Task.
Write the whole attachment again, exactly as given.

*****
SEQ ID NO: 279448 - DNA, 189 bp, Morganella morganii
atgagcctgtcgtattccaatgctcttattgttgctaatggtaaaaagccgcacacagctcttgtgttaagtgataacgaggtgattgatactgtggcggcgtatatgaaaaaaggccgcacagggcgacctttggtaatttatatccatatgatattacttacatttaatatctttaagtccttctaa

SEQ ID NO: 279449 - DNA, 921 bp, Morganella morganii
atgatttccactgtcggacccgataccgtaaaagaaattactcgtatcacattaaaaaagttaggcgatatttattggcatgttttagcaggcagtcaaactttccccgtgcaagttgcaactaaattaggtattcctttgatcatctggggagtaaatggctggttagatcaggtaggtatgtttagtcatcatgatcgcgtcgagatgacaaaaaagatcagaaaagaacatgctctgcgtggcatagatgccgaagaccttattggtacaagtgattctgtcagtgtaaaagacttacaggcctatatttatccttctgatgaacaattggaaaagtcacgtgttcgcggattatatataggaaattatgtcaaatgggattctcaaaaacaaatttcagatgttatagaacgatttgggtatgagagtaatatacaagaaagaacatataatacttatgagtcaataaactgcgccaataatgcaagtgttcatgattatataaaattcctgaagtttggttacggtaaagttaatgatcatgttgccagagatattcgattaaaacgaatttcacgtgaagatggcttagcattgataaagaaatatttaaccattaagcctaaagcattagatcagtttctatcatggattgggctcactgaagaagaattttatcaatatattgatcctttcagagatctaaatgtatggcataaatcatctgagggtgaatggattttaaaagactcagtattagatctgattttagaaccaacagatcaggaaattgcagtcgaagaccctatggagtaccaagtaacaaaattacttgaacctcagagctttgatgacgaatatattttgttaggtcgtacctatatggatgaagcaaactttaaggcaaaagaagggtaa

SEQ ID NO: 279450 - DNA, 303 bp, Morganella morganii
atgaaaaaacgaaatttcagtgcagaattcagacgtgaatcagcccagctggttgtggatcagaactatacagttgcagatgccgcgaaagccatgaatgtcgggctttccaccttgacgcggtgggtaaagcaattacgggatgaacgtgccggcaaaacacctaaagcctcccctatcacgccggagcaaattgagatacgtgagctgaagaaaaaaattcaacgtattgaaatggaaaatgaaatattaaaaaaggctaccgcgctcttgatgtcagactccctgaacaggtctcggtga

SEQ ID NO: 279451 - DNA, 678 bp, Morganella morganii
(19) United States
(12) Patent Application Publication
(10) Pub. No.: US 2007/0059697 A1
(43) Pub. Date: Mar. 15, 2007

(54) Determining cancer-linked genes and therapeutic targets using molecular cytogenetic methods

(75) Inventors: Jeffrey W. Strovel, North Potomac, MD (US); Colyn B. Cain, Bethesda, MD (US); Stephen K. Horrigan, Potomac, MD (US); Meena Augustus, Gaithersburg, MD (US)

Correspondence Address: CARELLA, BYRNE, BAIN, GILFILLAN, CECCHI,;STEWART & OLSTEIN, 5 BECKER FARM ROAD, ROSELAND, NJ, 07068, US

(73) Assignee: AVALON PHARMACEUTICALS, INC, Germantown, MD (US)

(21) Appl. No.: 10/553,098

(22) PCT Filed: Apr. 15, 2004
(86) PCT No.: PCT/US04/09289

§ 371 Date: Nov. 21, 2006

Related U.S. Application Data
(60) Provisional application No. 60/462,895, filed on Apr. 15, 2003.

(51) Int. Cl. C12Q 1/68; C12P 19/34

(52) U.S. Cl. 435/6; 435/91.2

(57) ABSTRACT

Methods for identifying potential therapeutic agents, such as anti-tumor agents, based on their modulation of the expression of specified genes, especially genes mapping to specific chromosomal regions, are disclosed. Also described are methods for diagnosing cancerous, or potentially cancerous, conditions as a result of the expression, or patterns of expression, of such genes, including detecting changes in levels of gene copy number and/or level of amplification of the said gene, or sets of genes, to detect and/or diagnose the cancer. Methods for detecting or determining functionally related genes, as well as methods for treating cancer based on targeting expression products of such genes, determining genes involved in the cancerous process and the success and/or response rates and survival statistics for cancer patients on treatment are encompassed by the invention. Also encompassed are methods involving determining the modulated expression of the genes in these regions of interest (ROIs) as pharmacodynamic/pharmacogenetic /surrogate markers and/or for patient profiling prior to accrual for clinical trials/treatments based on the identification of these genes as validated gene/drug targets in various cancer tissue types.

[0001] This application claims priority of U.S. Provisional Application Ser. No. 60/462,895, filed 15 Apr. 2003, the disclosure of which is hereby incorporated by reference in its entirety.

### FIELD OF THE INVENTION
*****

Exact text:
SEQ ID NO: 279448 - DNA, 189 bp, Morganella morganii
atgagcctgtcgtattccaatgctcttattgttgctaatggtaaaaagccgcacacagctcttgtgttaagtgataacgaggtgattgatactgtggcggcgtatatgaaaaaaggccgcacagggcgacctttggtaatttatatccatatgatattacttacatttaatatctttaagtccttctaa

SEQ ID NO: 279449 - DNA, 921 bp, Morganella morganii
atgatttccactgtcggacccgataccgtaaaagaaattactcgtatcacattaaaaaagttaggcgatatttattggcatgttttagcaggcagtcaaactttccccgtgcaagttgcaactaaattaggtattcctttgatcatctggggagtaaatggctggttagatcaggtaggtatgtttagtcatcatgatcgcgtcgagatgacaaaaaagatcagaaaagaacatgctctgcgtggcatagatgccgaagaccttattggtacaagtgattctgtcagtgtaaaagacttacaggcctatatttatccttctgatgaacaattggaaaagtcacgtgttcgcggattatatataggaaattatgtcaaatgggattctcaaaaacaaatttcagatgttatagaacgatttgggtatgagagtaatatacaagaaagaacatataatacttatgagtcaataaactgcgccaataatgcaagtgttcatgattatataaaattcctgaagtttggttacggtaaagttaatgatcatgttgccagagatattcgattaaaacgaatttcacgtgaagatggcttagcattgataaagaaatatttaaccattaagcctaaagcattagatcagtttctatcatggattgggctcactgaagaagaattttatcaatatattgatcctttcagagatctaaatgtatggcataaatcatctgagggtgaatggattttaaaagactcagtattagatctgattttagaaccaacagatcaggaaattgcagtcgaagaccctatggagtaccaagtaacaaaattacttgaacctcagagctttgatgacgaatatattttgttaggtcgtacctatatggatgaagcaaactttaaggcaaaagaagggtaa

SEQ ID NO: 279450 - DNA, 303 bp, Morganella morganii
atgaaaaaacgaaatttcagtgcagaattcagacgtgaatcagcccagctggttgtggatcagaactatacagttgcagatgccgcgaaagccatgaatgtcgggctttccaccttgacgcggtgggtaaagcaattacgggatgaacgtgccggcaaaacacctaaagcctcccctatcacgccggagcaaattgagatacgtgagctgaagaaaaaaattcaacgtattgaaatggaaaatgaaatattaaaaaaggctaccgcgctcttgatgtcagactccctgaacaggtctcggtga

SEQ ID NO: 279451 - DNA, 678 bp, Morganella morganii
(19) United States
(12) Patent Application Publication
(10) Pub. No.: US 2007/0059697 A1
(43) Pub. Date: Mar. 15, 2007

(54) Determining cancer-linked genes and therapeutic targets using molecular cytogenetic methods

(75) Inventors: Jeffrey W. Strovel, North Potomac, MD (US); Colyn B. Cain, Bethesda, MD (US); Stephen K. Horrigan, Potomac, MD (US); Meena Augustus, Gaithersburg, MD (US)

Correspondence Address: CARELLA, BYRNE, BAIN, GILFILLAN, CECCHI,;STEWART & OLSTEIN, 5 BECKER FARM ROAD, ROSELAND, NJ, 07068, US

(73) Assignee: AVALON PHARMACEUTICALS, INC, Germantown, MD (US)

(21) Appl. No.: 10/553,098

(22) PCT Filed: Apr. 15, 2004
(86) PCT No.: PCT/US04/09289

§ 371 Date: Nov. 21, 2006

Related U.S. Application Data
(60) Provisional application No. 60/462,895, filed on Apr. 15, 2003.

(51) Int. Cl. C12Q 1/68; C12P 19/34

(52) U.S. Cl. 435/6; 435/91.2

(57) ABSTRACT

Methods for identifying potential therapeutic agents, such as anti-tumor agents, based on their modulation of the expression of specified genes, especially genes mapping to specific chromosomal regions, are disclosed. Also described are methods for diagnosing cancerous, or potentially cancerous, conditions as a result of the expression, or patterns of expression, of such genes, including detecting changes in levels of gene copy number and/or level of amplification of the said gene, or sets of genes, to detect and/or diagnose the cancer. Methods for detecting or determining functionally related genes, as well as methods for treating cancer based on targeting expression products of such genes, determining genes involved in the cancerous process and the success and/or response rates and survival statistics for cancer patients on treatment are encompassed by the invention. Also encompassed are methods involving determining the modulated expression of the genes in these regions of interest (ROIs) as pharmacodynamic/pharmacogenetic /surrogate markers and/or for patient profiling prior to accrual for clinical trials/treatments based on the identification of these genes as validated gene/drug targets in various cancer tissue types.

[0001] This application claims priority of U.S. Provisional Application Ser. No. 60/462,895, filed 15 Apr. 2003, the disclosure of which is hereby incorporated by reference in its entirety.

### FIELD OF THE INVENTION